Psalm 31:6



Verse 6. I have hated them that regard lying vanities. Those who will not lean upon the true arm of strength, are sure to make to themselves vain confidences. Man must have a god, and if he will not adore the only living and true God, he makes a fool of himself, and pays superstitious regard to a lie, and waits with anxious hope upon a base delusion. Those who did this were none of David's friends; he had a constant dislike to them: the verb includes the present as well as the past tense. He hated them for hating God; he would not endure the presence of idolaters; his heart was set against them for their stupidity and wickedness. He had no patience with their superstitious observances, and calls their idols vanities of emptiness, nothings of nonentity. Small courtesy is more than Romanists and Puseyists deserve for their fooleries. Men who make gods of their riches, their persons, their wits, or anything else, are to be shunned by those whose faith rests upon God in Christ Jesus; and so far from being envied, they are to be pitied as depending upon utter vanities. But I trust in the Lord. This might be very unfashionable, but the psalmist dared to be singular. Bad example should not make us less decided for the truth, but the rather in the midst of general defection we should grow the more bold. This adherence to his trust in Jehovah is the great plea employed all along: the troubled one flies into the arms of his God, and ventures everything upon the divine faithfulness.



Verse 6. I have hated. Holy men have strong passions, and are not so mincing and charitable towards evil doers as smooth tongued latitudinarians would have them. He who does not hate evil does not love good. There is such a thing as a good hater. C. H. S

Verse 6. They that regard lying vanities. The Romanists feign miracles of the saints to make them, as they suppose, the more glorious. They say that the house wherein the Virgin Mary was when the angel Gabriel came unto her was, many hundred years after, translated, first, out of Galilee into Dalmatia, above 2,000 miles, and thence over the sea into Italy, where also it removed from one place to another, till at length it found a place where to abide, and many most miraculous cures, they say, were wrought by it, and that the very trees when it came, did bow unto it. Infinite stories they have of this nature, especially in the Legend of Saints, which they call "The Golden Legend," a book so full of gross stuff that Ludovicus Vives, a Papist, but learned and ingenuous, with great indignations cried out, "What can be more abominable than that book?" and he wondered why they should call it "golden," when as he that wrote it was a man "of an iron mouth and of a leaden heart." And Melchior Canus, a Romish bishop, passed the same censure upon that book, and complains (as Vives also had done before him), that Laertius wrote the lives of philosophers, and Suetonius the lives of the Caesars, more sincerely than some did the lives of the saints and martyrs. They are most vain and superstitious in the honour which they give to the relics of the saints; as their dead bodies, or some parts of them; their bones, flesh, hair; yea, their clothes that they wore, or the like. "You may now, everywhere," saith Erasmus, "see held out for gain," Mary's milk, which they honour almost as much as Christ's consecrated body; prodigious oil; so many pieces of the cross, that if they were all gathered together a great ship would scarce carry them. Here Francis's hood set forth to view; there the innermost garment of the Virgin Mary; in one place, Anna's comb; in another place, Joseph's stocking; in another place, Thomas of Canterbury's shoe; in another place, Christ's foreskin, which, though it be a thing uncertain, they worship more religiously than Christ's whole person. Neither do they bring forth these things as things that may be tolerated, and to please the common people, but all religion almost is placed in them. (Erasmus, on Matthew 23:5 ). Christopher Cartwright.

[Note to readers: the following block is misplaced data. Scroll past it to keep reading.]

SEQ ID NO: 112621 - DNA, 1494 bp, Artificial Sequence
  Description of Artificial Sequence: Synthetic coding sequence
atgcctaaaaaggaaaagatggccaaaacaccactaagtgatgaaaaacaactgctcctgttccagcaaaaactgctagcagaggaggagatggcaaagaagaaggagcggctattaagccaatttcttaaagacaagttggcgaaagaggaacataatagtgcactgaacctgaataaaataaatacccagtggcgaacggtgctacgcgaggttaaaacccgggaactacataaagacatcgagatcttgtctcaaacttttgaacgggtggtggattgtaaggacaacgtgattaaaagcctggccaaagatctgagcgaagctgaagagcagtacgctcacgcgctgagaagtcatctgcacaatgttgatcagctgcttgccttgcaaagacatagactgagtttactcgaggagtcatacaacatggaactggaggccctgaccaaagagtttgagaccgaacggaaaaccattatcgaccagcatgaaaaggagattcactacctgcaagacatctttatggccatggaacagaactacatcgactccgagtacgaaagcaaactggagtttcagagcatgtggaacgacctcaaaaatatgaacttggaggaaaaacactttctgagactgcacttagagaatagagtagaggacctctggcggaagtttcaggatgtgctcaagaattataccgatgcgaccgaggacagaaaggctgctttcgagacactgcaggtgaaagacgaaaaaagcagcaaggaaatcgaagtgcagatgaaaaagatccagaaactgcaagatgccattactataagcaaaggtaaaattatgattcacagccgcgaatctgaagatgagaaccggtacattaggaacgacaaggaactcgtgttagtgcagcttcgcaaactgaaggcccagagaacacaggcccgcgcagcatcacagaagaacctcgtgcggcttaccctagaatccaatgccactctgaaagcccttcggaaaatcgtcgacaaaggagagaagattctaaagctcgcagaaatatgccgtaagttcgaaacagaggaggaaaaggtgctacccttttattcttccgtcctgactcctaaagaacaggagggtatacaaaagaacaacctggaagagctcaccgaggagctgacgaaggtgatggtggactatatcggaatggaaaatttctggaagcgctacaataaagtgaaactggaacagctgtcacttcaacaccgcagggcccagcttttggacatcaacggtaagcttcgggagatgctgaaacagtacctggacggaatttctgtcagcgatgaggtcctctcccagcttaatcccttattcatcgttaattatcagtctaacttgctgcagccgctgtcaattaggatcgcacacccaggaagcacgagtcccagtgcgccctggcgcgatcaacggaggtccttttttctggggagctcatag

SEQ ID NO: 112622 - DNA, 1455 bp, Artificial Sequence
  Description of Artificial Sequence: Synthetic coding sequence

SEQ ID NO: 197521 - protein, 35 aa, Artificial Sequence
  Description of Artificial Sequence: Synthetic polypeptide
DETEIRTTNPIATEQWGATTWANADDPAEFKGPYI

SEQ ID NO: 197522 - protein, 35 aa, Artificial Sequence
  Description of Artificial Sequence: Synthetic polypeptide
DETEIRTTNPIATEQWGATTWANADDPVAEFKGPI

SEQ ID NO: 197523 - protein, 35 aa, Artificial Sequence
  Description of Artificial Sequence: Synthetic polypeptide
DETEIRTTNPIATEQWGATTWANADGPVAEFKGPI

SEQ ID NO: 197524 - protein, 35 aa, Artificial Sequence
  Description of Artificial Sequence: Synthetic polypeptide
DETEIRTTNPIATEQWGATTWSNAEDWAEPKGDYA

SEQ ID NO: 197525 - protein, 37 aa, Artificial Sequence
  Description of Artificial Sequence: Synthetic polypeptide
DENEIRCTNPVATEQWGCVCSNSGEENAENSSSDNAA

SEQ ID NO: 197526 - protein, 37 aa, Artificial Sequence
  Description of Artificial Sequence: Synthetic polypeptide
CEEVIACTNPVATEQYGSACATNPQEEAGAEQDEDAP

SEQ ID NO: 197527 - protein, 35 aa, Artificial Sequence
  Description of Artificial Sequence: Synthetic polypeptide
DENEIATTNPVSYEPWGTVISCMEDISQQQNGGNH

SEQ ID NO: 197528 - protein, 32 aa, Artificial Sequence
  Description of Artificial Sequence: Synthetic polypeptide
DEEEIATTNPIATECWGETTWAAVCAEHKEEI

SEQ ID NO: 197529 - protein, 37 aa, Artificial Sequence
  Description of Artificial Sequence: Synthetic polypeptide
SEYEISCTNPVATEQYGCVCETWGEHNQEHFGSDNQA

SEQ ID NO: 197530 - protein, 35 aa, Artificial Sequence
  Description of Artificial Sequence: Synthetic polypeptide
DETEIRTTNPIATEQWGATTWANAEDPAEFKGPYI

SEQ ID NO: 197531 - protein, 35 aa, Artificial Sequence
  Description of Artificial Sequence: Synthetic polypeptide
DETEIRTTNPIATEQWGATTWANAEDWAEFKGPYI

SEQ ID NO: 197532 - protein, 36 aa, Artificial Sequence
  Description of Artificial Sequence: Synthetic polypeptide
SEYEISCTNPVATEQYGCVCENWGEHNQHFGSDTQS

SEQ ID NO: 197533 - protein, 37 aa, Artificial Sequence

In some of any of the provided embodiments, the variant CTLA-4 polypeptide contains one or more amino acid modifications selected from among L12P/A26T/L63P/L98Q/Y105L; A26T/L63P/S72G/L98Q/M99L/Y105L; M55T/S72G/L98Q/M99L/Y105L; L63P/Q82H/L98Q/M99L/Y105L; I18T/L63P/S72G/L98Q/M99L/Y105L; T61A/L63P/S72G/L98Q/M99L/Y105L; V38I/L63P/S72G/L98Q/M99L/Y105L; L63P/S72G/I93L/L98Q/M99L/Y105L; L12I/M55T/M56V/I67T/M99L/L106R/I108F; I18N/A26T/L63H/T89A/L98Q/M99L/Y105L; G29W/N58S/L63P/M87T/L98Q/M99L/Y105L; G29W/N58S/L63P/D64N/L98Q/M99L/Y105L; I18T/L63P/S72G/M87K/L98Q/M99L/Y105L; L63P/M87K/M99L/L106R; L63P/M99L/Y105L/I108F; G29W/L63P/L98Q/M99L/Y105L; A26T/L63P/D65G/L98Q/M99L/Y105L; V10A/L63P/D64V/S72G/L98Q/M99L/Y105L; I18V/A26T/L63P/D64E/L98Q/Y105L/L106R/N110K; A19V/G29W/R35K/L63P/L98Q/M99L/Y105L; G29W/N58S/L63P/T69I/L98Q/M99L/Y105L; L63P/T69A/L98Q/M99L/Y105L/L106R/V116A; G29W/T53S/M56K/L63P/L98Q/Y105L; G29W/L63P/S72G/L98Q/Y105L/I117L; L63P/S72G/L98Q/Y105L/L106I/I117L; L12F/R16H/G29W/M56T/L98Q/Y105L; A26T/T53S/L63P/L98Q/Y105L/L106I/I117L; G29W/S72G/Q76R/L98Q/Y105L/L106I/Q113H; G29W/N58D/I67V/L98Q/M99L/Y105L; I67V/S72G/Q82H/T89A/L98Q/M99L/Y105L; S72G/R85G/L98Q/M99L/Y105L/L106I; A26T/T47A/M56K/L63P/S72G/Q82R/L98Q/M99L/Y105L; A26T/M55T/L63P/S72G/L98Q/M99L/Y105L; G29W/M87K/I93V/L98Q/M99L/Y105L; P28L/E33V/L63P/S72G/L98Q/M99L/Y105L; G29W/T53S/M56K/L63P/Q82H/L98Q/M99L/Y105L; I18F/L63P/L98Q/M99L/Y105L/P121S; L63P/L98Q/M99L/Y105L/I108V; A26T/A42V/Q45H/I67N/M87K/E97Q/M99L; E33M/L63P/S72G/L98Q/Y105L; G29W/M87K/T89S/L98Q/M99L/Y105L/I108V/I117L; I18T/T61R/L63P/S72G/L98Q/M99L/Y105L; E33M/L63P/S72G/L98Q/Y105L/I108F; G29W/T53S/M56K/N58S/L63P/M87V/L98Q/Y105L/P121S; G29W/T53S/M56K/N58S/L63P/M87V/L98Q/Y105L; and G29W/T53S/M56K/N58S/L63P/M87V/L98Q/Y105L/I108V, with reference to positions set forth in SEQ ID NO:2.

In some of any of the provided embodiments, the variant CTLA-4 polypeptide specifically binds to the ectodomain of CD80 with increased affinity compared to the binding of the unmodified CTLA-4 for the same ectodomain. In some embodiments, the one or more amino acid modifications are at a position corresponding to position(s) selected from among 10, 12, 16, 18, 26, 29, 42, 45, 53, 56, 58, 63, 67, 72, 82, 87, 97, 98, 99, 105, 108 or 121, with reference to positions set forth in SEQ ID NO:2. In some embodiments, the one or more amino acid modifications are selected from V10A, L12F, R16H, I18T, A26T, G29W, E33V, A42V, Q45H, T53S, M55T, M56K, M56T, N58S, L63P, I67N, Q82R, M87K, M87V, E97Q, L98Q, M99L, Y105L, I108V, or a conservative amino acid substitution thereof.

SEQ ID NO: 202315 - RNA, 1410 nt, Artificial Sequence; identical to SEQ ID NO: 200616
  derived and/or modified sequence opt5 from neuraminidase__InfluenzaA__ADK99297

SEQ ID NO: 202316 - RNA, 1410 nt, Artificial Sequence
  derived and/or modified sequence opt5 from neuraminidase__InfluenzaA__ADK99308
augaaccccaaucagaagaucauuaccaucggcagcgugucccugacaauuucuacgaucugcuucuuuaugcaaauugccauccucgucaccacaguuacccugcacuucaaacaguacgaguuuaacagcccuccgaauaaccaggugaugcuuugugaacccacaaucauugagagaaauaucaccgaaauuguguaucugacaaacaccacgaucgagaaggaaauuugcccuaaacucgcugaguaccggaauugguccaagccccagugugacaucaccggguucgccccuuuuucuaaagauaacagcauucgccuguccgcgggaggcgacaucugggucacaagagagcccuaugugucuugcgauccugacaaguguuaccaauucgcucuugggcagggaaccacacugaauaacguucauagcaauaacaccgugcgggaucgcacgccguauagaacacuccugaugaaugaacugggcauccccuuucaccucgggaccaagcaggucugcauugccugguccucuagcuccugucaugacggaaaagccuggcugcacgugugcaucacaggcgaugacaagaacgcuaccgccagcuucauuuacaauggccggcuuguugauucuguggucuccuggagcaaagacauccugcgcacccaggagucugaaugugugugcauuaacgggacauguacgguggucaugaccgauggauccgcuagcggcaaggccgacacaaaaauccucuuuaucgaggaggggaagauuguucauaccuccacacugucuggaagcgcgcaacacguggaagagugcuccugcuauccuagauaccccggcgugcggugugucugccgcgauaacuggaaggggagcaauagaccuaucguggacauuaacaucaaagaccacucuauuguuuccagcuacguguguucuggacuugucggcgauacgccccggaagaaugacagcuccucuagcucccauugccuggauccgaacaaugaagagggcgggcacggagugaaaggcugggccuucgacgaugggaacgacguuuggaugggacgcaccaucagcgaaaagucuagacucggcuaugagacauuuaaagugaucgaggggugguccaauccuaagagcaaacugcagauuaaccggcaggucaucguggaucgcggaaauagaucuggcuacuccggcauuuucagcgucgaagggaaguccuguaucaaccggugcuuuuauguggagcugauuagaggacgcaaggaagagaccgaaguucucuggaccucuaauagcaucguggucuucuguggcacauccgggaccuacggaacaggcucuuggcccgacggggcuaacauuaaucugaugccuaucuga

Verse 6. The sense lies thus, that heathen men, when any danger or difficulty approacheth them, are solemnly wont to apply themselves to auguries and divinations, and so to false gods, to receive advice and direction from them: but doing so and observing their responses most superstitiously, they yet gain nothing at all by it. These David detests, and keeps close to God, hoping for no aid but from him. H. Hammond, D.D.



Verse 6. Holy detestation, as a virtue discriminated from bigotry: or, the good hater.